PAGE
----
This week along with many (many) other people, I blubbed, sniffed, and leaked my way through the film version of A Monster Calls. The film is adapted from the book by Patrick Ness (he also did the screenplay) which was inspired by an original idea by another Carnegie Medal winner, Sioban Dowd. Sioban didn’t live long enough to write the book she planned and Ness did an astonishing job of making something truly important with her work.
In case you can’t tell already, I really love this book and teach it as often as I can to university students at all levels of study. The screening I went to see was a film-book club run by the Tyneside Cinema and my colleague, Hannah Durkin also from Newcastle University. Most of the audience had read the book and so in the discussion that followed there were many questions about how like/unlike the book it was and whether that mattered. Questions included: Where was Lily? Where did Grandad come from? How did the actor who played Connor do it? And, why wasn’t Sigourney Weaver better?
A question that it took us a while to get to but which I think is at the heart of my sadness about this film was: Where were the ‘short spikey yew tree leaves’ that should have covered every inch of Connor’s bedroom floor and which he later put in the rubbish bin? The poisonous red yew tree berries that came in ‘through a closed bedroom window’ were missing too. Without the possibility of the monster leaving traces in the real world, it is rendered as a fantasy, the mental projection of a distressed child. And by taking the possibility of real magic out of the film the film stops being for young people and makes it for rational adults who are looking for reassurance, and psychologically coherent illumination of grief. As a result, the audience sympathise with Connor as a distessed child, to great affect, but they don’t get the invitation to see love and grief as transcendent as being beyond the rational and the everyday. Harrumph Harrumph. Harrumph. btw the featured image is by my painter husband, Gavin Watson.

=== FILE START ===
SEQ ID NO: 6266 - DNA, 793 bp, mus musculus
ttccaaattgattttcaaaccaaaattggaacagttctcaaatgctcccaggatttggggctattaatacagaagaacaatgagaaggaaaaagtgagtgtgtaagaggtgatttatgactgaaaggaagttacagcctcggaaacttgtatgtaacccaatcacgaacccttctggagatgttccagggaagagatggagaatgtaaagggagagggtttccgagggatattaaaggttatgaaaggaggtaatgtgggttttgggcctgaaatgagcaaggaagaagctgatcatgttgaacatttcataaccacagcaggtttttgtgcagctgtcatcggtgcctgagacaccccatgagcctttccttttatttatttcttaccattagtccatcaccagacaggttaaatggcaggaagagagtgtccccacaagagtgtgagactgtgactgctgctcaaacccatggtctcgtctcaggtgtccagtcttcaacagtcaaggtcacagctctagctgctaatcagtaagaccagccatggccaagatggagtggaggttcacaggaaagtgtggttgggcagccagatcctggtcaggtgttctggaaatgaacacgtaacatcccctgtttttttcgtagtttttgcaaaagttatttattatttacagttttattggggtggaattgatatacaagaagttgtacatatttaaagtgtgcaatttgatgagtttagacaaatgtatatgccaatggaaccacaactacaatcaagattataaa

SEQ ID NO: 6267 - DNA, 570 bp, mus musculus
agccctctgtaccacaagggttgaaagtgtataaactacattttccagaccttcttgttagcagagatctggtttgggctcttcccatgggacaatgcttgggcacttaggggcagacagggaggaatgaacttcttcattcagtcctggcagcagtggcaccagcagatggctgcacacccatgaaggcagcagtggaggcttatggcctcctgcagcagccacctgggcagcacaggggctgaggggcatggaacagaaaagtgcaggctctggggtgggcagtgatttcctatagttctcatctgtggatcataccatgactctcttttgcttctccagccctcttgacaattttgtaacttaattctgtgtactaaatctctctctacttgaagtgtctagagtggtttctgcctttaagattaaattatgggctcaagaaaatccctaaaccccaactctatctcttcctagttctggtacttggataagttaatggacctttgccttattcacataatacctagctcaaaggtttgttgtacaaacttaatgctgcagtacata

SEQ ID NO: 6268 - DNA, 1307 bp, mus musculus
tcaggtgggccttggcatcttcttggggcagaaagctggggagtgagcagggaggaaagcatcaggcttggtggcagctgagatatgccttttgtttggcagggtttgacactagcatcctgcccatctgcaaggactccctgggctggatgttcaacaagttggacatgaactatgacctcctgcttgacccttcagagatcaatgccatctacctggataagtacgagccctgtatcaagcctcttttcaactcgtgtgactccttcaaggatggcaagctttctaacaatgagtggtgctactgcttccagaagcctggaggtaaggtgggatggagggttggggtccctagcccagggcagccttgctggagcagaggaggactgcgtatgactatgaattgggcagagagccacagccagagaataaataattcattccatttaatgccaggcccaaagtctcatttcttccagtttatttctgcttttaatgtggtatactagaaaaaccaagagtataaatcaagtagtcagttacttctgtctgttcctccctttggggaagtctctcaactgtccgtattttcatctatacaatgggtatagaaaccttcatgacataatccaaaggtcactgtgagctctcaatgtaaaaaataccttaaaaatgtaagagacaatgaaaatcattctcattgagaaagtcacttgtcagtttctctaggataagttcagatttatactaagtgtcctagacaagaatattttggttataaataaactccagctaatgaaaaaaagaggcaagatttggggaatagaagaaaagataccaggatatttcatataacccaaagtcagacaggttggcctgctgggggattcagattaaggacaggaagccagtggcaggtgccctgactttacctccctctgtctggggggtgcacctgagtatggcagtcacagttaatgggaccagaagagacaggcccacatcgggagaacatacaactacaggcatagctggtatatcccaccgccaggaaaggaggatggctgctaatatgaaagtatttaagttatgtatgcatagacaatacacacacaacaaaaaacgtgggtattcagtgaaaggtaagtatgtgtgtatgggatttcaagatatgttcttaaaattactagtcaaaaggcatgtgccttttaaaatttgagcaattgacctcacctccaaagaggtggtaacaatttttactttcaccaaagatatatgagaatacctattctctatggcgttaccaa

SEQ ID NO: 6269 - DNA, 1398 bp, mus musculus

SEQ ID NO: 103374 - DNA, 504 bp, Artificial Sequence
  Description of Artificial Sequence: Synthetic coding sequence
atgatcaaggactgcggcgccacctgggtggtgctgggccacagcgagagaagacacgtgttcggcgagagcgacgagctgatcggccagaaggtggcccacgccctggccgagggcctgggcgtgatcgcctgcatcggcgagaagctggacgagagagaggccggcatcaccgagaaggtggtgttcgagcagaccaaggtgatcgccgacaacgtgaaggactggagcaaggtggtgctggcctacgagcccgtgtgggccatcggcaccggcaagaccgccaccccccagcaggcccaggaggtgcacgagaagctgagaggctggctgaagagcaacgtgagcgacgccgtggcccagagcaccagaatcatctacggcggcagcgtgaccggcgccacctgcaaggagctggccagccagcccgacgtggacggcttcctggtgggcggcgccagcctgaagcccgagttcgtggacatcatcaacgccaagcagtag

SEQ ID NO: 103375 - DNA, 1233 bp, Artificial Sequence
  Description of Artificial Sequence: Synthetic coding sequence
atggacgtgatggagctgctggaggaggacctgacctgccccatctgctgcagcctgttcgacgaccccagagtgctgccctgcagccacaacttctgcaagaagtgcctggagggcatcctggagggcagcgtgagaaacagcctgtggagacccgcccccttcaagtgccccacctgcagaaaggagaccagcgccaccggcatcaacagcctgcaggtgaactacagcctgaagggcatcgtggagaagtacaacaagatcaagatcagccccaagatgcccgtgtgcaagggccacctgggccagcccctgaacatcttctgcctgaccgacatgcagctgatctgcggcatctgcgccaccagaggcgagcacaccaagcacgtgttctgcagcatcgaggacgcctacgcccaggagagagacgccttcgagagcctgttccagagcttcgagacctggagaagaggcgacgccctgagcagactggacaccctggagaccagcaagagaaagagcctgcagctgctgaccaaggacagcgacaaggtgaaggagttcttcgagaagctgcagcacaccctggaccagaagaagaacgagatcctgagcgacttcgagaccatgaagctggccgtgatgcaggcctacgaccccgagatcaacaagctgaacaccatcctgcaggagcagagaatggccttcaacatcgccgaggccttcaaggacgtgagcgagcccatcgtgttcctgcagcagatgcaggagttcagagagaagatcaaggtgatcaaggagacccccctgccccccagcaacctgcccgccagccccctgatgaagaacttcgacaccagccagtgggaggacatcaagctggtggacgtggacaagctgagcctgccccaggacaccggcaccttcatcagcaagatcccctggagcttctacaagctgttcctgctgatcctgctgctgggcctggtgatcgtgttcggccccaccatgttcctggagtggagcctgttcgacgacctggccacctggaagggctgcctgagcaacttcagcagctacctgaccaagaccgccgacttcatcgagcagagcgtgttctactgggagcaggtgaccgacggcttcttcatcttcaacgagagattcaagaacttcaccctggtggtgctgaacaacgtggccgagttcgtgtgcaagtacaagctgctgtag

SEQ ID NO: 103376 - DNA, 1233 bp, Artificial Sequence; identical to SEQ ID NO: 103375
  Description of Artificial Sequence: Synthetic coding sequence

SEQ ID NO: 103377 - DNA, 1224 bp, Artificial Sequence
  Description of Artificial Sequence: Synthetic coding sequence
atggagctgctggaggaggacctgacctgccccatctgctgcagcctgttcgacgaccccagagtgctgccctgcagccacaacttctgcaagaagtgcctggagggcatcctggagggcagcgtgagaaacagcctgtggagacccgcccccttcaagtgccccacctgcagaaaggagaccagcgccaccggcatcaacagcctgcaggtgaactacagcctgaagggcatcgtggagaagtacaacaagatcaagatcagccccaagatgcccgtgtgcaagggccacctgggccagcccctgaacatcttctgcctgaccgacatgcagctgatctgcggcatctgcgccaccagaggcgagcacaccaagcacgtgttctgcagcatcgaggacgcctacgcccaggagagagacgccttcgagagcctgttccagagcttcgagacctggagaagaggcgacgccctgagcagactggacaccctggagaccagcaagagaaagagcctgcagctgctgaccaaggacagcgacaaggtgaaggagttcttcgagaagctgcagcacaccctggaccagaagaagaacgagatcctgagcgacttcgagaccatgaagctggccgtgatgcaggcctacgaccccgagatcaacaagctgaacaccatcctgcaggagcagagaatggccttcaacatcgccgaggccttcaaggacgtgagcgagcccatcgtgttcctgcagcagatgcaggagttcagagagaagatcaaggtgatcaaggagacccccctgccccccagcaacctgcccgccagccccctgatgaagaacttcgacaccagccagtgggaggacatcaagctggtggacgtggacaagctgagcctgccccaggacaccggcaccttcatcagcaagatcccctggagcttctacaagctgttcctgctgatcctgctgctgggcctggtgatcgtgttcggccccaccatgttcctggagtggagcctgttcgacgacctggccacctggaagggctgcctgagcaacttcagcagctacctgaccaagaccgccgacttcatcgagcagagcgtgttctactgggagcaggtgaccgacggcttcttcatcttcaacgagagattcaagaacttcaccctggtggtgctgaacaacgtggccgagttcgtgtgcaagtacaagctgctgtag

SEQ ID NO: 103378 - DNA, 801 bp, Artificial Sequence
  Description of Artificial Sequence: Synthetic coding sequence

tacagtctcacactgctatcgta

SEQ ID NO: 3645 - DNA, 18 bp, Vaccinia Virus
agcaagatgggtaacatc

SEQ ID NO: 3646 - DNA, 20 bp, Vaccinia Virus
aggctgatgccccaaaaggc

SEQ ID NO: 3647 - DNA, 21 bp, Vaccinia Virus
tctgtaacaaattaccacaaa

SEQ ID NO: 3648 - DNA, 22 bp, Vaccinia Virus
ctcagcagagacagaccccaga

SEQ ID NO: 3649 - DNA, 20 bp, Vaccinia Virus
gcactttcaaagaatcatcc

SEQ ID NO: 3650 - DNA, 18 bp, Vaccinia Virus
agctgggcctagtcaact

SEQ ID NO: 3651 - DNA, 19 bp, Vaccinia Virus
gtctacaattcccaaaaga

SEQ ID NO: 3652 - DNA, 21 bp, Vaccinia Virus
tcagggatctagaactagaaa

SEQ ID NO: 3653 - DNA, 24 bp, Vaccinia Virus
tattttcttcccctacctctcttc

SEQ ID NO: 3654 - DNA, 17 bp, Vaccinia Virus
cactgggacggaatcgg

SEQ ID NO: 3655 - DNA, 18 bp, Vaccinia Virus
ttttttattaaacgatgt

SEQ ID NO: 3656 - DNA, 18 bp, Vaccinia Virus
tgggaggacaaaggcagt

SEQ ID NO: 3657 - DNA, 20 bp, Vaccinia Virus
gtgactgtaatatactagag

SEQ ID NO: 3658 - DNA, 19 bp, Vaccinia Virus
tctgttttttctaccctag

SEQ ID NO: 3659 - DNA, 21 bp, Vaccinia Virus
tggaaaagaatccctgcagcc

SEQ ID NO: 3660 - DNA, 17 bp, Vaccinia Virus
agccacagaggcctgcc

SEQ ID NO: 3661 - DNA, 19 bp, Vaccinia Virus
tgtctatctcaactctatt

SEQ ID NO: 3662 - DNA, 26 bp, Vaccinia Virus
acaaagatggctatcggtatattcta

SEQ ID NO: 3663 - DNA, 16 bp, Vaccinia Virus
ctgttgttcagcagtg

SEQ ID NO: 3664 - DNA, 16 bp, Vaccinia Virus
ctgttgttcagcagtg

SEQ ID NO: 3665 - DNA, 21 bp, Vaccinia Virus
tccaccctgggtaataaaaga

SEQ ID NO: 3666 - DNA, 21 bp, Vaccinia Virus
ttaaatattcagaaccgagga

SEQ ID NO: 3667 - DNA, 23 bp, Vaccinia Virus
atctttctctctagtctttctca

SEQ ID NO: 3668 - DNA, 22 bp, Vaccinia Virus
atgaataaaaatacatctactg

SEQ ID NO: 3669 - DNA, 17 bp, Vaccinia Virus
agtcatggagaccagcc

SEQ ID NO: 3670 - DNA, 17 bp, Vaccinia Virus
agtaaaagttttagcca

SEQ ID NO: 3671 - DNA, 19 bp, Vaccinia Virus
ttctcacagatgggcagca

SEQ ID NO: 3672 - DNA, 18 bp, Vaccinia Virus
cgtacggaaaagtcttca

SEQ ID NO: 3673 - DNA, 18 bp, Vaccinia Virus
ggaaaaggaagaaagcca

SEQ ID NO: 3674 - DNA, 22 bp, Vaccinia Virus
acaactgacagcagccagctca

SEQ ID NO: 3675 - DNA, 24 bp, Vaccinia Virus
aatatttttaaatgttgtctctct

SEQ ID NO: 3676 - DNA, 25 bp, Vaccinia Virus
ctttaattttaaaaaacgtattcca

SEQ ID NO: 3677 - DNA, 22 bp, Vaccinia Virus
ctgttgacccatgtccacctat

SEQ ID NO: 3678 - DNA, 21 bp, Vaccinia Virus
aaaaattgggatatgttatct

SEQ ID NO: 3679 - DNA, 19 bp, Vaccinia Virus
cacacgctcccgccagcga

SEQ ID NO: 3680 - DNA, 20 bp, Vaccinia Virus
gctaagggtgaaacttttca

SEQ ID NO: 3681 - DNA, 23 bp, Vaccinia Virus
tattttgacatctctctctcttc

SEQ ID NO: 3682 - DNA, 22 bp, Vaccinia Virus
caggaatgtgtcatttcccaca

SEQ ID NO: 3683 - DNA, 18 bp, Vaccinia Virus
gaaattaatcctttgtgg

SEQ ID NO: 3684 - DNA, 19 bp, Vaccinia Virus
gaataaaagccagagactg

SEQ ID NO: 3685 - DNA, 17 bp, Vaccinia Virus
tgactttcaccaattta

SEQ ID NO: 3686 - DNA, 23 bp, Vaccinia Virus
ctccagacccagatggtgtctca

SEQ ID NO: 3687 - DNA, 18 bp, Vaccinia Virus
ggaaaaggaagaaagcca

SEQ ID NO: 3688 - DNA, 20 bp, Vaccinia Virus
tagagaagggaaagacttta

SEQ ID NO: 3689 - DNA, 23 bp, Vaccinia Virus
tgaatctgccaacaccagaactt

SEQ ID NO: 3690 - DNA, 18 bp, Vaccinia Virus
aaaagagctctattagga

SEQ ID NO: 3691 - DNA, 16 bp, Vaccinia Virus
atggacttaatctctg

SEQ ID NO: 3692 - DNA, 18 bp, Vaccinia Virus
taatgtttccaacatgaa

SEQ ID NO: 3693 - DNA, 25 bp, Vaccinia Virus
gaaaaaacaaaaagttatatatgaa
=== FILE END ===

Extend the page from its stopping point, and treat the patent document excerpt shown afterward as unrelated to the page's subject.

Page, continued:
Is this story really for young people anyway? It’s meant to be… but I find the fact that you teach it to ‘university students at all levels’ significant. I haven’t seen the film but I have read the book and while I admired Patrick Ness’s brilliant writing, the world he creates didn’t convince me. I could just about accept a school mismanaging a child in Connor’s situation (though with school counselling services and child centred policies it would have to be a really backward school to fail so catastrophically) but I couldn’t accept that a grandmother would be so cold and brutal to a grandson whose mother is dying. (Maybe that’s why Sigourney Weaver failed to convince – an impossible role?) For these reasons the story just doesn’t work for me. On the other hand, there’s plenty of wonderful imagery to make it a literary topic for university students…